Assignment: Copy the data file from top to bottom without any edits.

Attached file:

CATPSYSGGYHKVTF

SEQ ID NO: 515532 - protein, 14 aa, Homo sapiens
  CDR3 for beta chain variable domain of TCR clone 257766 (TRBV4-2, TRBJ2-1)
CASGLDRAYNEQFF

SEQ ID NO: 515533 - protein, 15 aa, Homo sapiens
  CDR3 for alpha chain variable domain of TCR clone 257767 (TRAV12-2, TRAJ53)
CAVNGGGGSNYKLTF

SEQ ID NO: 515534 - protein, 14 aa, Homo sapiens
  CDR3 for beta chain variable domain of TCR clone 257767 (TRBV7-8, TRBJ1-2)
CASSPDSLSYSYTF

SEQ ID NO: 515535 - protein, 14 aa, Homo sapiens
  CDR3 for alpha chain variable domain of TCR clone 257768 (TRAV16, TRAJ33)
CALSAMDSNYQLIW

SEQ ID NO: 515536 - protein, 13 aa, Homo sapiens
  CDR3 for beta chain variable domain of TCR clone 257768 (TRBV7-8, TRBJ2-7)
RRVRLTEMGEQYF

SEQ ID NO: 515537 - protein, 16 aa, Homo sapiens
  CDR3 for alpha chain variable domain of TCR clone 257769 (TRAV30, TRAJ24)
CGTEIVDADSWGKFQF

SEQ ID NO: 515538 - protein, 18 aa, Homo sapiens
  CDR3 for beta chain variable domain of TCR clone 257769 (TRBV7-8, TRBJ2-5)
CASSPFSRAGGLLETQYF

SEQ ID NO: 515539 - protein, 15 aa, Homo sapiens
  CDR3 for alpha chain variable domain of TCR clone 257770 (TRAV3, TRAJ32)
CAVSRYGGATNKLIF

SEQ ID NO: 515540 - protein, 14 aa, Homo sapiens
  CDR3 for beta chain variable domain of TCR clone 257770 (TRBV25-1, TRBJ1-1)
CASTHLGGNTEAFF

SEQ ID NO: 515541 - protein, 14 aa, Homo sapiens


CATPSYSGGYHKVTF

SEQ ID NO: 515532 - protein, 14 aa, Homo sapiens
  CDR3 for beta chain variable domain of TCR clone 257766 (TRBV4-2, TRBJ2-1)
CASGLDRAYNEQFF

SEQ ID NO: 515533 - protein, 15 aa, Homo sapiens
  CDR3 for alpha chain variable domain of TCR clone 257767 (TRAV12-2, TRAJ53)
CAVNGGGGSNYKLTF

SEQ ID NO: 515534 - protein, 14 aa, Homo sapiens
  CDR3 for beta chain variable domain of TCR clone 257767 (TRBV7-8, TRBJ1-2)
CASSPDSLSYSYTF

SEQ ID NO: 515535 - protein, 14 aa, Homo sapiens
  CDR3 for alpha chain variable domain of TCR clone 257768 (TRAV16, TRAJ33)
CALSAMDSNYQLIW

SEQ ID NO: 515536 - protein, 13 aa, Homo sapiens
  CDR3 for beta chain variable domain of TCR clone 257768 (TRBV7-8, TRBJ2-7)
RRVRLTEMGEQYF

SEQ ID NO: 515537 - protein, 16 aa, Homo sapiens
  CDR3 for alpha chain variable domain of TCR clone 257769 (TRAV30, TRAJ24)
CGTEIVDADSWGKFQF

SEQ ID NO: 515538 - protein, 18 aa, Homo sapiens
  CDR3 for beta chain variable domain of TCR clone 257769 (TRBV7-8, TRBJ2-5)
CASSPFSRAGGLLETQYF

SEQ ID NO: 515539 - protein, 15 aa, Homo sapiens
  CDR3 for alpha chain variable domain of TCR clone 257770 (TRAV3, TRAJ32)
CAVSRYGGATNKLIF

SEQ ID NO: 515540 - protein, 14 aa, Homo sapiens
  CDR3 for beta chain variable domain of TCR clone 257770 (TRBV25-1, TRBJ1-1)
CASTHLGGNTEAFF

SEQ ID NO: 515541 - protein, 14 aa, Homo sapiens